If you’re already using an enterprise password vault of some sort, it may come with an option that enables you to upgrade to a higher level. And that option may be full-featured and free of the complexities that often result in poor adoption rates. But before simply upgrading to the next level, it’s well worth the time it takes to implement free trials from different vendors. Further on, I’ll discuss why free trials are so important.

See how you can protect your passwords without slowing down your business >

How much should I budget for a enterprise password manager?

The cost for enterprise-level software is usually dependent on the number of software licenses you need and the features you want. While the price of most basic password managers is freely available on the internet, enterprise solutions usually require a call to the sales office to tie down an accurate quote, so don’t think twice about calling the vendor, no matter the size of your company.

If you’re an SMB with fewer than 10 network users and up to 250 password to manage, take advantage of an enterprise-level password management tool that’s FREE yet robust.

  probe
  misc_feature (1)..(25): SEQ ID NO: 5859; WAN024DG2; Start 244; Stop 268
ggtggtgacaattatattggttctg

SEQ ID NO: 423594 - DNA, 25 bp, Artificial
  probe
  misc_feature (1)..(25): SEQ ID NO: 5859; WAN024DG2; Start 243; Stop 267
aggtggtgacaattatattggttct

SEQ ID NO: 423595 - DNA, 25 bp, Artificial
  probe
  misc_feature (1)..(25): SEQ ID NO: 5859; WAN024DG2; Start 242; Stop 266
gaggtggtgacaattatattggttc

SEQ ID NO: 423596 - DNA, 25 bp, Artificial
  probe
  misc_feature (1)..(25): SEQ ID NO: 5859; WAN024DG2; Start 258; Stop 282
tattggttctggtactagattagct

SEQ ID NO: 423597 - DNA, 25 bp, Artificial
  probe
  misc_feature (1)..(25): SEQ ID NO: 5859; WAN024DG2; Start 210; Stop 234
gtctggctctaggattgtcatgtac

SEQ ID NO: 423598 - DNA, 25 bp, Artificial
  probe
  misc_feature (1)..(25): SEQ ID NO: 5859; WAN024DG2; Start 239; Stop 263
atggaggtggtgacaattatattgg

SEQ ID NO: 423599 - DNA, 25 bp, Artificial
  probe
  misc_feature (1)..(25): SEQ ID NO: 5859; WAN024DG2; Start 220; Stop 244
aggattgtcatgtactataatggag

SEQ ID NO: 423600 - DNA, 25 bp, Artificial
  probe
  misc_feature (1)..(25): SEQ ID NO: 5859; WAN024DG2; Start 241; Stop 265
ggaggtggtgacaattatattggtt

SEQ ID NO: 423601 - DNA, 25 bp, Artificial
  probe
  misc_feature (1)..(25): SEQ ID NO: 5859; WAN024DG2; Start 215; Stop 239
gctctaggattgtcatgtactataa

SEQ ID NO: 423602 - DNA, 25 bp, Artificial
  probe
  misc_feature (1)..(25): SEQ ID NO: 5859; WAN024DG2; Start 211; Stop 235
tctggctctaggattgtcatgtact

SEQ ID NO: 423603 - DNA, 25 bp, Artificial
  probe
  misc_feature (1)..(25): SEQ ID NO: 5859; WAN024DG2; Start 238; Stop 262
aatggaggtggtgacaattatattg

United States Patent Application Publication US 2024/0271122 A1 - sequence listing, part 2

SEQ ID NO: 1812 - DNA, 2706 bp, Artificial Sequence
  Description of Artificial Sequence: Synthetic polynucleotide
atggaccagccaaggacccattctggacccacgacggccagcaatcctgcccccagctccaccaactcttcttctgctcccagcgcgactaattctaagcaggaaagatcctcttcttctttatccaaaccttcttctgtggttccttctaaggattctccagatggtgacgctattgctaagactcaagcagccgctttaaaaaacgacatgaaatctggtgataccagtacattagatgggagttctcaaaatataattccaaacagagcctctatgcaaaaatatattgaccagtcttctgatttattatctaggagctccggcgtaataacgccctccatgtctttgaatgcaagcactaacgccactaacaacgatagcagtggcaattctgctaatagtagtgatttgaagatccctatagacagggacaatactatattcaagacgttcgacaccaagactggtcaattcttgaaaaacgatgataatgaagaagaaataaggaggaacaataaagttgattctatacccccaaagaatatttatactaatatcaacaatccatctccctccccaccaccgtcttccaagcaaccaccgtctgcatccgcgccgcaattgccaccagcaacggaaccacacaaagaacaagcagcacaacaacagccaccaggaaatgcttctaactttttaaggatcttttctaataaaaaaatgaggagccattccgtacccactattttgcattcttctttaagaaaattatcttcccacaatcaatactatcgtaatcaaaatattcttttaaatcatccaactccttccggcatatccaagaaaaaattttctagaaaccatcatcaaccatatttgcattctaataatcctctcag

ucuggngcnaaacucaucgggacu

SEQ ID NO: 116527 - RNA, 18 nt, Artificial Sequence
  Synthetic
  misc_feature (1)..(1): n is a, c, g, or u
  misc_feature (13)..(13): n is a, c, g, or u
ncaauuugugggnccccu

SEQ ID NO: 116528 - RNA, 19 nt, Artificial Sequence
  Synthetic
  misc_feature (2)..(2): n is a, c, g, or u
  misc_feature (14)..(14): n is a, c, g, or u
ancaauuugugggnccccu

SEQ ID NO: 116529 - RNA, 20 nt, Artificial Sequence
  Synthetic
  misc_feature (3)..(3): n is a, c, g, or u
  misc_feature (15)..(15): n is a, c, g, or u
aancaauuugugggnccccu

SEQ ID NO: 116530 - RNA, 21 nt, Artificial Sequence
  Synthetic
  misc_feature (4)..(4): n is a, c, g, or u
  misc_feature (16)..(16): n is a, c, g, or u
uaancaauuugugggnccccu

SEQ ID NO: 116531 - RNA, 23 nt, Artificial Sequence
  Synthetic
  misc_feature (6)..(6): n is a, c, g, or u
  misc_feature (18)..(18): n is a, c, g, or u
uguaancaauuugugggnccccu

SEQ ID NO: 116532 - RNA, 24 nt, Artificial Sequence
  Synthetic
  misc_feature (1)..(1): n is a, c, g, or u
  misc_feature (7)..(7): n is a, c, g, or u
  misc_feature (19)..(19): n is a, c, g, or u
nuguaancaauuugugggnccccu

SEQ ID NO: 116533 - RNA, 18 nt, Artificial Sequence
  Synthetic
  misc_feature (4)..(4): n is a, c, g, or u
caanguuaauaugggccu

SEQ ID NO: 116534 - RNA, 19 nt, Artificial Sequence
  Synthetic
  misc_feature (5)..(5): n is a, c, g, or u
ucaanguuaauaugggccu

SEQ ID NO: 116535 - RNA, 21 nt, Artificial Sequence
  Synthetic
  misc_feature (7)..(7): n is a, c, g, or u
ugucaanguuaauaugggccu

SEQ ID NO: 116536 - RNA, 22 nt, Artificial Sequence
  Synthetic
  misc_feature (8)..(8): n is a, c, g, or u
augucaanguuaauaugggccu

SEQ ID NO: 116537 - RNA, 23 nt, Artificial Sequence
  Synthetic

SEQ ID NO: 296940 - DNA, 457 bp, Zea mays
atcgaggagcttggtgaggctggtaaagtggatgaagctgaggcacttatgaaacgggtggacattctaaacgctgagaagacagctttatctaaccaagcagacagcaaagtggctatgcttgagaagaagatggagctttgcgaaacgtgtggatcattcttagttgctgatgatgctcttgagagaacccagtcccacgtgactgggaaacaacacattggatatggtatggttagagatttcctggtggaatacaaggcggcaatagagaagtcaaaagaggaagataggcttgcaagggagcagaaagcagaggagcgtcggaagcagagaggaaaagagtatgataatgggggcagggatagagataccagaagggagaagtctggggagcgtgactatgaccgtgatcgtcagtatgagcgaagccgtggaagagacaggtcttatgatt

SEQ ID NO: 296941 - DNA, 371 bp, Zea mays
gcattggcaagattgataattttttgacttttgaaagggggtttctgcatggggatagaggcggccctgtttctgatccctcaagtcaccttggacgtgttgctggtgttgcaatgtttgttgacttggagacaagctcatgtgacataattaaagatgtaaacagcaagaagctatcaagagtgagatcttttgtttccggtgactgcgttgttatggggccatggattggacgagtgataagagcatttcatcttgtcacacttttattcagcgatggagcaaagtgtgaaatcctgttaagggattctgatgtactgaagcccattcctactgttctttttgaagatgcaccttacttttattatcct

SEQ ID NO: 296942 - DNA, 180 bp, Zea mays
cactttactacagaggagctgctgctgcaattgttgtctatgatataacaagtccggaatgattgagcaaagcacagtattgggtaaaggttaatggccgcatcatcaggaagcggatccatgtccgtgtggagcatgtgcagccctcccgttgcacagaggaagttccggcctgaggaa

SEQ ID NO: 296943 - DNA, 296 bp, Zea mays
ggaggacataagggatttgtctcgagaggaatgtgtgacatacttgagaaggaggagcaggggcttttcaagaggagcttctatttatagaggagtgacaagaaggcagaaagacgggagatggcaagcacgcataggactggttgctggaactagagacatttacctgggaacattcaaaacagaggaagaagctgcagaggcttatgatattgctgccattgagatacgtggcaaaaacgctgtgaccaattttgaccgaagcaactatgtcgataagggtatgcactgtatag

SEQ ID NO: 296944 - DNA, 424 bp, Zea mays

You’ll notice I included a link to our own Secret Server Free—that’s because I know what’s under the hood and how scalable it is, so it’s a great starting point for your research into free password management for the smaller business.

TIP: Be aware that some paid password management solutions don’t offer all the features you’ll need in the purchase price, so be sure to ask what else you’ll have to pay for after implementation (i.e. after it’s too late to back out).

You must also consider the consequences and cost of a data breach when budgeting for a password manager for your company. If you’ve done your research and even the most cost-effective solution seems a little rich for you budget, weigh that cost up against these questions:

  • What will we do when our passwords walk out the door with a disgruntled employee, or fall into the hands of a criminal hacker?
  • How long would it take to change all our passwords? (Do you even know them all?)
  • What would  it cost us if a breach brought our network down for hours? Days?
  • How much confidential information could be exposed in a breach, and what would the consequences be if it was made public?